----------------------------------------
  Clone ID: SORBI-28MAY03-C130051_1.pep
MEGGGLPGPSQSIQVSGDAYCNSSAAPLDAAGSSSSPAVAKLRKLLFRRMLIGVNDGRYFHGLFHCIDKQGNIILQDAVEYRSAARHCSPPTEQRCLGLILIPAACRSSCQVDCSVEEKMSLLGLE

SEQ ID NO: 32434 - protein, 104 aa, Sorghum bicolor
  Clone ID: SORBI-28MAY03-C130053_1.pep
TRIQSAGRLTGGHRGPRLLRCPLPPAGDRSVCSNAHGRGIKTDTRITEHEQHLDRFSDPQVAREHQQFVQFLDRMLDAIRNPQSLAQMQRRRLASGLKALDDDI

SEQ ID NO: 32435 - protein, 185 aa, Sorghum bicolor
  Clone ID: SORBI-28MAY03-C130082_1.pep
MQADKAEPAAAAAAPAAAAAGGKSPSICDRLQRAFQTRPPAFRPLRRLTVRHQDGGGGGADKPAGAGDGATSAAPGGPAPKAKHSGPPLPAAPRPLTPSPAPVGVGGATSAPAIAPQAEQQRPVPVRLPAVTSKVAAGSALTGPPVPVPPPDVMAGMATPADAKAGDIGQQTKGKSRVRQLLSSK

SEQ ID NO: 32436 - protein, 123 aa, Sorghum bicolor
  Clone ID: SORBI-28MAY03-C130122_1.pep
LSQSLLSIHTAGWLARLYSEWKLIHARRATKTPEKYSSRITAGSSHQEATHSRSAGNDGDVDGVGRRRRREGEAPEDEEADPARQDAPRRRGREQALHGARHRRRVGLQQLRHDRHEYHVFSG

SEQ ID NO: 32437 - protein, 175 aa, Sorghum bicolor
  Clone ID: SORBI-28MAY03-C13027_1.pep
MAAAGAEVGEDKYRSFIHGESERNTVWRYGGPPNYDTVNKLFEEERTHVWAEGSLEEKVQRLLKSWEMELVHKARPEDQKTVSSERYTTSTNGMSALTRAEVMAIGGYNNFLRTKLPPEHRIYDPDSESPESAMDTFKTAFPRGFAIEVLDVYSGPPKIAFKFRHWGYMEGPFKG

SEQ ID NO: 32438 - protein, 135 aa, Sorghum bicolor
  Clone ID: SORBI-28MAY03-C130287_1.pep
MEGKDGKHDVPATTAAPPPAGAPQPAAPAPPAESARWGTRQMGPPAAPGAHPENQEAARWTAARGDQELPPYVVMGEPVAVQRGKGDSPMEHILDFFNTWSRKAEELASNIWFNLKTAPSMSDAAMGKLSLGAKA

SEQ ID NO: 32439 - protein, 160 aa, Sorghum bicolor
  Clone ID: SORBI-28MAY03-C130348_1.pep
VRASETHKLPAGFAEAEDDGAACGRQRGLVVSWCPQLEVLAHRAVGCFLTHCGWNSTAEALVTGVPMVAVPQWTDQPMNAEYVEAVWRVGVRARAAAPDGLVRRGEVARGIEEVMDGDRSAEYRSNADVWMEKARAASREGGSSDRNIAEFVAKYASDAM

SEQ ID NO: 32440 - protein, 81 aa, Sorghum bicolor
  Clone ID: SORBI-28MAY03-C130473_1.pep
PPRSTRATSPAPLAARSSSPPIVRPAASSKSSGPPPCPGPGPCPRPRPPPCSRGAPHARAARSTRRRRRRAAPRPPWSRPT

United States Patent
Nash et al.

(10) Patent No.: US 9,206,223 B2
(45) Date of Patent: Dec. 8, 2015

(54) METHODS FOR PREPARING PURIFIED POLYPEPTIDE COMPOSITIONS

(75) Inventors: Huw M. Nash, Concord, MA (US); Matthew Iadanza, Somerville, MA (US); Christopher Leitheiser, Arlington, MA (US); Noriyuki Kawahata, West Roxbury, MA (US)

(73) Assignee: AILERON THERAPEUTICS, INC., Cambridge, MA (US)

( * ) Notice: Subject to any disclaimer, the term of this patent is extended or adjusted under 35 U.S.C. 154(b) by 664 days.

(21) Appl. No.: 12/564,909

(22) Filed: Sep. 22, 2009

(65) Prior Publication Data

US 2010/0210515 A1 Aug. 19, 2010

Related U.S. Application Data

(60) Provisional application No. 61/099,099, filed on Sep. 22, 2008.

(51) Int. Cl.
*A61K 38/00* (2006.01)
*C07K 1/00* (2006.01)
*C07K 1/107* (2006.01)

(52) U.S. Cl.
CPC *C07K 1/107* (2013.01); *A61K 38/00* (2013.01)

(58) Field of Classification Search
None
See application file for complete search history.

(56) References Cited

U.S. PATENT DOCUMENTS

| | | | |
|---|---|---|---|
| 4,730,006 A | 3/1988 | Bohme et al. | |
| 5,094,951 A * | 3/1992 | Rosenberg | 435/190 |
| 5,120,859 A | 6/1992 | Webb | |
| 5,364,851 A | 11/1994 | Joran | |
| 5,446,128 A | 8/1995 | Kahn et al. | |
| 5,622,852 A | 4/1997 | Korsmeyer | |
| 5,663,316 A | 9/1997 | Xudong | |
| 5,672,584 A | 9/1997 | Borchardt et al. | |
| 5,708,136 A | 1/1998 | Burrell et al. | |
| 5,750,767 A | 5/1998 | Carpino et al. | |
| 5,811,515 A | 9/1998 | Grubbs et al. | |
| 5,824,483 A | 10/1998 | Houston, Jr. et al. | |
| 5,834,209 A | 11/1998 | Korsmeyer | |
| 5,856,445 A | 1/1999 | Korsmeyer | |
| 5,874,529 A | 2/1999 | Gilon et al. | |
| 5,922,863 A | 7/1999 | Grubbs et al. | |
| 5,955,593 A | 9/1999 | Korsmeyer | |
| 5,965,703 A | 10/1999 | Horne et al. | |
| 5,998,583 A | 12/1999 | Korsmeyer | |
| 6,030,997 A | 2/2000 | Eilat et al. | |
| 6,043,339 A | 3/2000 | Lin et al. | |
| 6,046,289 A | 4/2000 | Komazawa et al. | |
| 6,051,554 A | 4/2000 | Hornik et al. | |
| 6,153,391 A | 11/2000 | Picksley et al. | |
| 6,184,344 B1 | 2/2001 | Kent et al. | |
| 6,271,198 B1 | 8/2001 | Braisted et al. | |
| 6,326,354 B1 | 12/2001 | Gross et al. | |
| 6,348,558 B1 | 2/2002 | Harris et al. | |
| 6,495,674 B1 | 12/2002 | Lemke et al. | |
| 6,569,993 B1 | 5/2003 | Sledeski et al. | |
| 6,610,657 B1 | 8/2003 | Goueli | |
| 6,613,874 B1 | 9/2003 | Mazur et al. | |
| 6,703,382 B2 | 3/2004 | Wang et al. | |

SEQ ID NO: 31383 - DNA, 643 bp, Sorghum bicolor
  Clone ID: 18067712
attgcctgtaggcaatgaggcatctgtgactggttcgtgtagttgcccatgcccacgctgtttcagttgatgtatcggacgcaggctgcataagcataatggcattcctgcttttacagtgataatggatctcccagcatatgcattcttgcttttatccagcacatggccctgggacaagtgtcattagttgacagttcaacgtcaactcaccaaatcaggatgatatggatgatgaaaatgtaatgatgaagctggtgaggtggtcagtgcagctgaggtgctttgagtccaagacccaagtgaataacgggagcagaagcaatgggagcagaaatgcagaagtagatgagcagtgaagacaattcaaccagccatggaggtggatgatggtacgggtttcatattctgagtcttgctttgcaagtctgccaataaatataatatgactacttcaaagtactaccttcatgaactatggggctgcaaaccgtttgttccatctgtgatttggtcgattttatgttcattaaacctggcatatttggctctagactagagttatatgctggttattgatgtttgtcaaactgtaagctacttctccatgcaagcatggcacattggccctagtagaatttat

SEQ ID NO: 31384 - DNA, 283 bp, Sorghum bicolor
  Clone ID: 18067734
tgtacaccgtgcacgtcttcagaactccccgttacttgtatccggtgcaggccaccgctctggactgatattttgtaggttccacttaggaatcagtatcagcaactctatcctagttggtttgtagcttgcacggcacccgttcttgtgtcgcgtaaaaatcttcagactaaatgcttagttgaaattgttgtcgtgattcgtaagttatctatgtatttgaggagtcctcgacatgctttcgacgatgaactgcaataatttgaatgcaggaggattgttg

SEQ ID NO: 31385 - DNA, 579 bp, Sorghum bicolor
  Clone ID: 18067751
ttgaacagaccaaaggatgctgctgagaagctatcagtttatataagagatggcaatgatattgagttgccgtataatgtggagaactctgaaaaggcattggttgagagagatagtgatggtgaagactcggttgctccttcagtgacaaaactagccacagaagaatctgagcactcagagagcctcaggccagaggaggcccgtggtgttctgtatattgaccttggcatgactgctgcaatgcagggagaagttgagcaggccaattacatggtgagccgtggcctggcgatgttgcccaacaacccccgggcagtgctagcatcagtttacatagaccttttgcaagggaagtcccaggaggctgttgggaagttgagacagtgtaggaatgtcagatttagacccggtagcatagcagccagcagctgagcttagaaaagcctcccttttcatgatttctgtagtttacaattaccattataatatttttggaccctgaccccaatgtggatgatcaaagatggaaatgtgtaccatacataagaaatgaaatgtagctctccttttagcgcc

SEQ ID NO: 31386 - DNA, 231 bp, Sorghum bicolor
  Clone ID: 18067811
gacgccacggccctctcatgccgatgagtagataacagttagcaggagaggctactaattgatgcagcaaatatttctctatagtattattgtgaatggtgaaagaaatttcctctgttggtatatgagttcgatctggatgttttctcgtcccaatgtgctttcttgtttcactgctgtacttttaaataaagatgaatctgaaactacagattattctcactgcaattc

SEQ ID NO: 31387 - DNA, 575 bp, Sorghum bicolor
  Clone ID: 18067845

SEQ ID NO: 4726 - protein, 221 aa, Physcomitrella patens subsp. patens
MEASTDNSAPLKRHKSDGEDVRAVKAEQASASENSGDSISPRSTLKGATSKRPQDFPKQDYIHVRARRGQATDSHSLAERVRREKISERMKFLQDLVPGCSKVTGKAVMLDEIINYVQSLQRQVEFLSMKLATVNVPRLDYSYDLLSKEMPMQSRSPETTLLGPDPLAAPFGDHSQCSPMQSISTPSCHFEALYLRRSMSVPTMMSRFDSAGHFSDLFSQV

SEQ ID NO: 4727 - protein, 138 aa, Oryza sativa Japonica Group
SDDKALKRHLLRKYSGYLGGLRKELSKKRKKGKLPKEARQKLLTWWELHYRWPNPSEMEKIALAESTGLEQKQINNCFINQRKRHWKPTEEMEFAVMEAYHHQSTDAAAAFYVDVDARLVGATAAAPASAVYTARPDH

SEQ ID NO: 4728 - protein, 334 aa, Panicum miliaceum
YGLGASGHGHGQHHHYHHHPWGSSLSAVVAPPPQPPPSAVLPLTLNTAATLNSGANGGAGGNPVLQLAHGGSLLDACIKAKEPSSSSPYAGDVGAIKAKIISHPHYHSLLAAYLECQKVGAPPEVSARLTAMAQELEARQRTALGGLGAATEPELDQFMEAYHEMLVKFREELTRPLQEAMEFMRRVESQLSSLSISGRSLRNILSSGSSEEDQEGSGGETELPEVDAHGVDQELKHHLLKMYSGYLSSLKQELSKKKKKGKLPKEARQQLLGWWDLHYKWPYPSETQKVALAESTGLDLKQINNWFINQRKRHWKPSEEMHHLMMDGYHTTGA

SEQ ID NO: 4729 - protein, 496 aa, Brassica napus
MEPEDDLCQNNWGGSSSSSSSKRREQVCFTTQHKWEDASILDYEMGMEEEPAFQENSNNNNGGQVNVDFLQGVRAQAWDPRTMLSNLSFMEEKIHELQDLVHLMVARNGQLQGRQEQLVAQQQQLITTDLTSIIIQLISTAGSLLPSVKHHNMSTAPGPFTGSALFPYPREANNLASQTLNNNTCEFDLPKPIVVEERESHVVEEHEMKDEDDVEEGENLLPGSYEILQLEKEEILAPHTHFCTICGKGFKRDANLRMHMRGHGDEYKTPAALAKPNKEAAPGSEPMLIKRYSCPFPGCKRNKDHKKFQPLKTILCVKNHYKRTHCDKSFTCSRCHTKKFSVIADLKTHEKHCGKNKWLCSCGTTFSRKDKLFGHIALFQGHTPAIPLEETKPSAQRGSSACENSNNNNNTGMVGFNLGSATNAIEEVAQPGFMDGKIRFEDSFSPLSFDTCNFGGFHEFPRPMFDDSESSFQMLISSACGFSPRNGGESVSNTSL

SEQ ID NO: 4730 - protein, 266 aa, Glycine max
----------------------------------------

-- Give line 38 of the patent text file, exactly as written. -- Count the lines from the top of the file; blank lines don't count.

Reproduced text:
(51) Int. Cl.